• At this point, Ramiz Brahimaj is best known for having his ear damn near ripped off in his UFC debut by Max Griffin. That’s a bit unfair as the 28-year old actually has a hell of a killer instinct, securing seven of his eight wins in less than a round, none of his victories going the entirety of a fight. Of course, that leaves all sorts of questions with regards to his gas tank as he tends to go all out in search of a finish early, but he held up better than expected against Griffin. Regardless, a deep gas tank and plenty of durability have proven to be the hallmarks of Sasha Palatnikov thus far. A big, sturdy welterweight, Palatinikov has shown far more savvy in his striking than expected given his relative inexperience in the sport. There would be no surprise if Brahimaj is able to bowl over him given Palatnikov’s lack of defense, but Brahimaj is likely to be a sitting duck should Palatnikov survive the early onslaught. No matter how it turns out, expect this to be a fun one. Brahimaj via submission of RD1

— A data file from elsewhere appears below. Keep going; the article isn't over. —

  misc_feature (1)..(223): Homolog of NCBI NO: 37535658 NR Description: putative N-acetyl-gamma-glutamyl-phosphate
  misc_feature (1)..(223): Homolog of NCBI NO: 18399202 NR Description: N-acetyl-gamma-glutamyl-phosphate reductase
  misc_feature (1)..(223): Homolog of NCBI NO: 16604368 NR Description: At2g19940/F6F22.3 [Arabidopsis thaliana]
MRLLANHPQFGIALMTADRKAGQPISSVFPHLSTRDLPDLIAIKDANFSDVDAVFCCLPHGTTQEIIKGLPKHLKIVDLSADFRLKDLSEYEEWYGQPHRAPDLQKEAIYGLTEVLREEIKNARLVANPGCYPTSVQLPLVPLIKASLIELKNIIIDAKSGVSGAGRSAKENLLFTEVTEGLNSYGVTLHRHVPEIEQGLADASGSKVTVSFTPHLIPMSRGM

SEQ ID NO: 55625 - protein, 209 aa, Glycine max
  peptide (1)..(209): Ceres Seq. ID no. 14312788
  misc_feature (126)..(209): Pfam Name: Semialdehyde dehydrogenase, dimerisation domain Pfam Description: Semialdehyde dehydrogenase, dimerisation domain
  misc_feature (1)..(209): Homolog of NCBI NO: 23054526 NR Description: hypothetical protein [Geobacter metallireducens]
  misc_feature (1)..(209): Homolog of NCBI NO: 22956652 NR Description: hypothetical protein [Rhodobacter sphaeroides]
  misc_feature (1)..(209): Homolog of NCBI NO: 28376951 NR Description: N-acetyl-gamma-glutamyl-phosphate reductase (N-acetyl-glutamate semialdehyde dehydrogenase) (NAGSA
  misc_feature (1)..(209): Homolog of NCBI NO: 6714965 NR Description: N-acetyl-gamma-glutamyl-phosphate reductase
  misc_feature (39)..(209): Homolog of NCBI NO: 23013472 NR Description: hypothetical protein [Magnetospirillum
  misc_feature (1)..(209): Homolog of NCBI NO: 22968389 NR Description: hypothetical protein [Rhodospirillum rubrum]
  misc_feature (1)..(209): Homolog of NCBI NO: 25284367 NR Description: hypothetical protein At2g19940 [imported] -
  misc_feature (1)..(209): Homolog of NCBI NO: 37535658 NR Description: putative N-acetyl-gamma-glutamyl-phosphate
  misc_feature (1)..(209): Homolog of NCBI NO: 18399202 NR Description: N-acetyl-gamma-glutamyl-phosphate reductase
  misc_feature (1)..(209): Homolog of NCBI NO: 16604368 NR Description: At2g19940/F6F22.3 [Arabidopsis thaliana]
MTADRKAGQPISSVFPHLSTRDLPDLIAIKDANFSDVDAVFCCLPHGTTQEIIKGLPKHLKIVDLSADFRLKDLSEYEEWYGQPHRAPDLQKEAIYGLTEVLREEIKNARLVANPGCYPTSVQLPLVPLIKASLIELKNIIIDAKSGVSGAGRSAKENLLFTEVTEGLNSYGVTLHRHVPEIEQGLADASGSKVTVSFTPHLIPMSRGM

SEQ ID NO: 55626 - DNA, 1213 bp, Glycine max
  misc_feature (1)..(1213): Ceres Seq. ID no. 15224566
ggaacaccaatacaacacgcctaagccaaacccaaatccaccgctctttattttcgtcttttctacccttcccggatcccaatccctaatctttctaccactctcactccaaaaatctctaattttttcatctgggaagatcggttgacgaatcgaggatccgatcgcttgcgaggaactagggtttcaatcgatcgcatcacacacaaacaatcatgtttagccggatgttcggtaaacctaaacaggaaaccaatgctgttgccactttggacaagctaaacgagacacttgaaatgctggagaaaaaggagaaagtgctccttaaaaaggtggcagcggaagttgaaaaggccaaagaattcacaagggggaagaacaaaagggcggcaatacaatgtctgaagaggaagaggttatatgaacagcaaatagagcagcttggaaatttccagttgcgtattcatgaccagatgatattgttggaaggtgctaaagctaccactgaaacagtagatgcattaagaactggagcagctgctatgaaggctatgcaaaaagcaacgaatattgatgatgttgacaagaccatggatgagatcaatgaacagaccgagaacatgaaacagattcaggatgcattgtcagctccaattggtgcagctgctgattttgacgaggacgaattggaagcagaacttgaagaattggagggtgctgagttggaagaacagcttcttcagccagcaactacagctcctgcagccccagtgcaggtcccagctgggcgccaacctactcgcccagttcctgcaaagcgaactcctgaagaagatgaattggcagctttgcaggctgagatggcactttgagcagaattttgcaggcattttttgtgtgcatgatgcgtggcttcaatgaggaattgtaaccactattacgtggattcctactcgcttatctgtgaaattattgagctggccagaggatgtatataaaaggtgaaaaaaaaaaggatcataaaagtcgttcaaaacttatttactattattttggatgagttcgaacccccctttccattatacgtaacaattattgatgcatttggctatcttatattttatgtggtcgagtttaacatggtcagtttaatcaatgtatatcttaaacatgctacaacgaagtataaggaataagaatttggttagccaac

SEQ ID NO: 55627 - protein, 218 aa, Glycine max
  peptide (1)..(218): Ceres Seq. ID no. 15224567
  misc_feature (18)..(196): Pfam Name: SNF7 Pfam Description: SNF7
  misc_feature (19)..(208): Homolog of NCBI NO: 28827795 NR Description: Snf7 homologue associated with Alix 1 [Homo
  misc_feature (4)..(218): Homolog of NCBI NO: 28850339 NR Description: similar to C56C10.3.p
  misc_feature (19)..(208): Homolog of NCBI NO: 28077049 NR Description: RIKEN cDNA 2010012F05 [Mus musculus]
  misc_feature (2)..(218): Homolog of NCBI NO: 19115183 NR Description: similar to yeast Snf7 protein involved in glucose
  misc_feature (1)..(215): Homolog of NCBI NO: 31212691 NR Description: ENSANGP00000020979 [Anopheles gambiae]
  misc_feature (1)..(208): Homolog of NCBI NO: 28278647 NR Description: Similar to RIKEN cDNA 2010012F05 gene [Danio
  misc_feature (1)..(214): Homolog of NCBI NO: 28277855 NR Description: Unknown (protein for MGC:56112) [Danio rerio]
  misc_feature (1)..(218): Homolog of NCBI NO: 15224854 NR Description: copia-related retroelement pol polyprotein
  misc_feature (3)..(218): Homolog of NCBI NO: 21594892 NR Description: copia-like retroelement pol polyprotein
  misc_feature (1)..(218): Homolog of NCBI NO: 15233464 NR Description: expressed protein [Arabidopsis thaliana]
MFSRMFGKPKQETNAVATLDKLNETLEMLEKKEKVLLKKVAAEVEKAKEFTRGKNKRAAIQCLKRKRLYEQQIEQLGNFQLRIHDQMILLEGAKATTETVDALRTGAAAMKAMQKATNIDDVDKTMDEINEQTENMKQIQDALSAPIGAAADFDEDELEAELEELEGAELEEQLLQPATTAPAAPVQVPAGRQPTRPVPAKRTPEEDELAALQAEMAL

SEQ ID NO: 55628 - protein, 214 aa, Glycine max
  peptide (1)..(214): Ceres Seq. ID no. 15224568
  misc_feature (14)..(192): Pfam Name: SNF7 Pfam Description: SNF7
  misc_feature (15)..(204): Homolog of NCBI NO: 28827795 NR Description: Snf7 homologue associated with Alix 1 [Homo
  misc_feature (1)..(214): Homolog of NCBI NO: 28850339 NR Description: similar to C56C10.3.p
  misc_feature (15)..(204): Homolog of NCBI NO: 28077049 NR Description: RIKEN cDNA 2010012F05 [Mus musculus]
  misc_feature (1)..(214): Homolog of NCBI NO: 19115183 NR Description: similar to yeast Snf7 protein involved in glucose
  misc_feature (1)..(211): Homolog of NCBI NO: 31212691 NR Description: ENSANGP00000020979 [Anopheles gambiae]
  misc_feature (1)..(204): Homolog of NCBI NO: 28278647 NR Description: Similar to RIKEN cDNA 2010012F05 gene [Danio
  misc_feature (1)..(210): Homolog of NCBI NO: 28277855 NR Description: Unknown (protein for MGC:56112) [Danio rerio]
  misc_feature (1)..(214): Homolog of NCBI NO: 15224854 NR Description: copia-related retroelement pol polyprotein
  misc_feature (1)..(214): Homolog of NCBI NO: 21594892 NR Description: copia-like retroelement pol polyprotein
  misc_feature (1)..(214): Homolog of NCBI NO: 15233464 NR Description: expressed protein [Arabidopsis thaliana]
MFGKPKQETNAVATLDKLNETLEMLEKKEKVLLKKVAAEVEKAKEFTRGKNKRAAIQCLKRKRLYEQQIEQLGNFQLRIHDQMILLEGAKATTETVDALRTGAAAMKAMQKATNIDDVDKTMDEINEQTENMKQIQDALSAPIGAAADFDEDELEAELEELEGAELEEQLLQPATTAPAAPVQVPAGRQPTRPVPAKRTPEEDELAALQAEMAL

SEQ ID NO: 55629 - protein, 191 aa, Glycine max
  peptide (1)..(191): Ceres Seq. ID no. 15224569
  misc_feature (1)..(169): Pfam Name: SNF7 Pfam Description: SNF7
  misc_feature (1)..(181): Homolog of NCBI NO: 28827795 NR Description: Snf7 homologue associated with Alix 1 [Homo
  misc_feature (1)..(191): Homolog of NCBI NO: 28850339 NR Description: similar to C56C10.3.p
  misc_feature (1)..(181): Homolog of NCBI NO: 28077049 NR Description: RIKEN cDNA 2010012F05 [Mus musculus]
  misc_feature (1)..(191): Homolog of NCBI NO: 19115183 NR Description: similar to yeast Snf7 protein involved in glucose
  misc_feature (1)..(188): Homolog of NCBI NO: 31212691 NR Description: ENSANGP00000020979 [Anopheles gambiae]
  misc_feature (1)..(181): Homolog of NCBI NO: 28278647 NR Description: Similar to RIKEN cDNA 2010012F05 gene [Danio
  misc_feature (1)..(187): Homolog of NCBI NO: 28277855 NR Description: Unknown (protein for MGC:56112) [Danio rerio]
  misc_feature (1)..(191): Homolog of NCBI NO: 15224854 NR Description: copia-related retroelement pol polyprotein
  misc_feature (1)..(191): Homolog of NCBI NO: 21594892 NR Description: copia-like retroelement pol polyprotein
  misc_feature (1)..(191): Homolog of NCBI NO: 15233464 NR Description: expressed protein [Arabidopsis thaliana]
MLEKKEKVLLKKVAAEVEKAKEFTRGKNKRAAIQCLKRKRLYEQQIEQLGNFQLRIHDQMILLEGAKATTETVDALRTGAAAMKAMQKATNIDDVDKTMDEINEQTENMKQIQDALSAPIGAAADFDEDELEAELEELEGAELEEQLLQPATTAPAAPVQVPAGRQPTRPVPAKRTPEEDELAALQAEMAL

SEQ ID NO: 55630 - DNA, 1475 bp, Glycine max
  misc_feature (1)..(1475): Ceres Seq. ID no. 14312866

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About the author
Dayne Fox
Dayne Fox

Dayne Fox is a contributing writer and analyst for Bloody Elbow. He has been writing about combat sports since 2013 and a member of Bloody Elbow since 2016. Dayne primarily contributes opinion pieces and event coverage. Dayne’s specialties are putting together the preview articles for all the UFC events and post-fight analysis. Outside of writing on combat sports, Dayne works in the purchasing department of a construction company, formerly working as an analyst. He is also a proud husband and father. In what spare time he can find, he enjoys strategy games and is a movie enthusiast. He is based in Utah.